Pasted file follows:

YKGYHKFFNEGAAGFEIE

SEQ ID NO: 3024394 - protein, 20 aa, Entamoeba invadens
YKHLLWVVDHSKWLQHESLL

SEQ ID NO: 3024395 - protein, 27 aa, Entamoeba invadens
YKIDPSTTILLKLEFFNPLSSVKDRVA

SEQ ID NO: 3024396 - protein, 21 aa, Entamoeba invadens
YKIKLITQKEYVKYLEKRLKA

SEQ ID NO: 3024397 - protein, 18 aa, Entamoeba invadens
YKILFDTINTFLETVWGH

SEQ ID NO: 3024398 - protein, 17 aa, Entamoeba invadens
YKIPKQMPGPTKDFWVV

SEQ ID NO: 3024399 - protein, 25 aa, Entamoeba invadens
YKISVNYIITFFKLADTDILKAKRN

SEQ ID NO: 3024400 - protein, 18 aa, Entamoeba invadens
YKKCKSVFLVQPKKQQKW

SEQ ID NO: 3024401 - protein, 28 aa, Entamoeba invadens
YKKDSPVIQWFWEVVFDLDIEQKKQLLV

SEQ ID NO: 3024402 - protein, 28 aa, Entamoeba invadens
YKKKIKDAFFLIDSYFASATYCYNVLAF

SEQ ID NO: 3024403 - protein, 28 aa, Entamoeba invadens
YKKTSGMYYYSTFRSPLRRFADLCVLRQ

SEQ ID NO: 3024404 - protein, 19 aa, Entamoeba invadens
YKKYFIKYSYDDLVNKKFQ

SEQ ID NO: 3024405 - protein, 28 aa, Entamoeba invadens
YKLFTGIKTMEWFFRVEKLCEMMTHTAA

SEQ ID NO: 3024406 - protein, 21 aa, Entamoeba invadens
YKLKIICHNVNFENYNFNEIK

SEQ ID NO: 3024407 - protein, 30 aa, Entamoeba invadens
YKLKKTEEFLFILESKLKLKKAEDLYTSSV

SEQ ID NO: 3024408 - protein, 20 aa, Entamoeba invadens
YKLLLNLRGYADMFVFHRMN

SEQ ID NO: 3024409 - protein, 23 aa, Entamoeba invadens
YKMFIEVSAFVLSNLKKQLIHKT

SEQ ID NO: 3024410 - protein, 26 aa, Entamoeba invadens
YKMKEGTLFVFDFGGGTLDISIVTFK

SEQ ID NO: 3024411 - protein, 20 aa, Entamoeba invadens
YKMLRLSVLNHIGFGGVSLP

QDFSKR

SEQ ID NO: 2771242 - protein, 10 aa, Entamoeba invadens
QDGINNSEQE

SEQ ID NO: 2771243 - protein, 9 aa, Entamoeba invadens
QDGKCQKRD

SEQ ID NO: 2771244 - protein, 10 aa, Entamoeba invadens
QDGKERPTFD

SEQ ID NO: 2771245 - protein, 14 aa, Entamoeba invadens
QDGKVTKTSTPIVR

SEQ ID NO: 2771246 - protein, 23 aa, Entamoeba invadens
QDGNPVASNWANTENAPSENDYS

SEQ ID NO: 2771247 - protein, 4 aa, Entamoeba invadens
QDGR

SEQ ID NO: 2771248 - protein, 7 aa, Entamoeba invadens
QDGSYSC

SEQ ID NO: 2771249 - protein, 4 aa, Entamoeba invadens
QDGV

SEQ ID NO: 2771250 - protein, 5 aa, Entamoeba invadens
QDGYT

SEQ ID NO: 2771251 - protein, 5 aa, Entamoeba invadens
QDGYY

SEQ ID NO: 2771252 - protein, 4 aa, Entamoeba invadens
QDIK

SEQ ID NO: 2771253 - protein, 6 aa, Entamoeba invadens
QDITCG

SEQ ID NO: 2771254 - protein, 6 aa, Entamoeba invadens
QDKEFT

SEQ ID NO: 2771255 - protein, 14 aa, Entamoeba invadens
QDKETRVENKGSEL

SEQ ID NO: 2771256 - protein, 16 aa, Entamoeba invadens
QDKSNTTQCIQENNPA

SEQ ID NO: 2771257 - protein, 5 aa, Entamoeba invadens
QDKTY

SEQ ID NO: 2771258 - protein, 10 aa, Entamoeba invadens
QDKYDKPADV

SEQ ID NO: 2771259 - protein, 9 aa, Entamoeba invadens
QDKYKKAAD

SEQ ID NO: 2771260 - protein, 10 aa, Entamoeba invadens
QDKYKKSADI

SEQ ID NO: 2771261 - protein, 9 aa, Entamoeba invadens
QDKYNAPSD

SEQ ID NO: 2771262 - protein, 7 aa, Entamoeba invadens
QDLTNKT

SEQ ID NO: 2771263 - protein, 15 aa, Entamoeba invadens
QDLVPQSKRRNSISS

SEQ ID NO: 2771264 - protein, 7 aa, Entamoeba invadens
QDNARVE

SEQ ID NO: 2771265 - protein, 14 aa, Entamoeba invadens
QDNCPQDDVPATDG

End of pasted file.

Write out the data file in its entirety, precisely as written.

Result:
YKGYHKFFNEGAAGFEIE

SEQ ID NO: 3024394 - protein, 20 aa, Entamoeba invadens
YKHLLWVVDHSKWLQHESLL

SEQ ID NO: 3024395 - protein, 27 aa, Entamoeba invadens
YKIDPSTTILLKLEFFNPLSSVKDRVA

SEQ ID NO: 3024396 - protein, 21 aa, Entamoeba invadens
YKIKLITQKEYVKYLEKRLKA

SEQ ID NO: 3024397 - protein, 18 aa, Entamoeba invadens
YKILFDTINTFLETVWGH

SEQ ID NO: 3024398 - protein, 17 aa, Entamoeba invadens
YKIPKQMPGPTKDFWVV

SEQ ID NO: 3024399 - protein, 25 aa, Entamoeba invadens
YKISVNYIITFFKLADTDILKAKRN

SEQ ID NO: 3024400 - protein, 18 aa, Entamoeba invadens
YKKCKSVFLVQPKKQQKW

SEQ ID NO: 3024401 - protein, 28 aa, Entamoeba invadens
YKKDSPVIQWFWEVVFDLDIEQKKQLLV

SEQ ID NO: 3024402 - protein, 28 aa, Entamoeba invadens
YKKKIKDAFFLIDSYFASATYCYNVLAF

SEQ ID NO: 3024403 - protein, 28 aa, Entamoeba invadens
YKKTSGMYYYSTFRSPLRRFADLCVLRQ

SEQ ID NO: 3024404 - protein, 19 aa, Entamoeba invadens
YKKYFIKYSYDDLVNKKFQ

SEQ ID NO: 3024405 - protein, 28 aa, Entamoeba invadens
YKLFTGIKTMEWFFRVEKLCEMMTHTAA

SEQ ID NO: 3024406 - protein, 21 aa, Entamoeba invadens
YKLKIICHNVNFENYNFNEIK

SEQ ID NO: 3024407 - protein, 30 aa, Entamoeba invadens
YKLKKTEEFLFILESKLKLKKAEDLYTSSV

SEQ ID NO: 3024408 - protein, 20 aa, Entamoeba invadens
YKLLLNLRGYADMFVFHRMN

SEQ ID NO: 3024409 - protein, 23 aa, Entamoeba invadens
YKMFIEVSAFVLSNLKKQLIHKT

SEQ ID NO: 3024410 - protein, 26 aa, Entamoeba invadens
YKMKEGTLFVFDFGGGTLDISIVTFK

SEQ ID NO: 3024411 - protein, 20 aa, Entamoeba invadens
YKMLRLSVLNHIGFGGVSLP

QDFSKR

SEQ ID NO: 2771242 - protein, 10 aa, Entamoeba invadens
QDGINNSEQE

SEQ ID NO: 2771243 - protein, 9 aa, Entamoeba invadens
QDGKCQKRD

SEQ ID NO: 2771244 - protein, 10 aa, Entamoeba invadens
QDGKERPTFD

SEQ ID NO: 2771245 - protein, 14 aa, Entamoeba invadens
QDGKVTKTSTPIVR

SEQ ID NO: 2771246 - protein, 23 aa, Entamoeba invadens
QDGNPVASNWANTENAPSENDYS

SEQ ID NO: 2771247 - protein, 4 aa, Entamoeba invadens
QDGR

SEQ ID NO: 2771248 - protein, 7 aa, Entamoeba invadens
QDGSYSC

SEQ ID NO: 2771249 - protein, 4 aa, Entamoeba invadens
QDGV

SEQ ID NO: 2771250 - protein, 5 aa, Entamoeba invadens
QDGYT

SEQ ID NO: 2771251 - protein, 5 aa, Entamoeba invadens
QDGYY

SEQ ID NO: 2771252 - protein, 4 aa, Entamoeba invadens
QDIK

SEQ ID NO: 2771253 - protein, 6 aa, Entamoeba invadens
QDITCG

SEQ ID NO: 2771254 - protein, 6 aa, Entamoeba invadens
QDKEFT

SEQ ID NO: 2771255 - protein, 14 aa, Entamoeba invadens
QDKETRVENKGSEL

SEQ ID NO: 2771256 - protein, 16 aa, Entamoeba invadens
QDKSNTTQCIQENNPA

SEQ ID NO: 2771257 - protein, 5 aa, Entamoeba invadens
QDKTY

SEQ ID NO: 2771258 - protein, 10 aa, Entamoeba invadens
QDKYDKPADV

SEQ ID NO: 2771259 - protein, 9 aa, Entamoeba invadens
QDKYKKAAD

SEQ ID NO: 2771260 - protein, 10 aa, Entamoeba invadens
QDKYKKSADI

SEQ ID NO: 2771261 - protein, 9 aa, Entamoeba invadens
QDKYNAPSD

SEQ ID NO: 2771262 - protein, 7 aa, Entamoeba invadens
QDLTNKT

SEQ ID NO: 2771263 - protein, 15 aa, Entamoeba invadens
QDLVPQSKRRNSISS

SEQ ID NO: 2771264 - protein, 7 aa, Entamoeba invadens
QDNARVE

SEQ ID NO: 2771265 - protein, 14 aa, Entamoeba invadens
QDNCPQDDVPATDG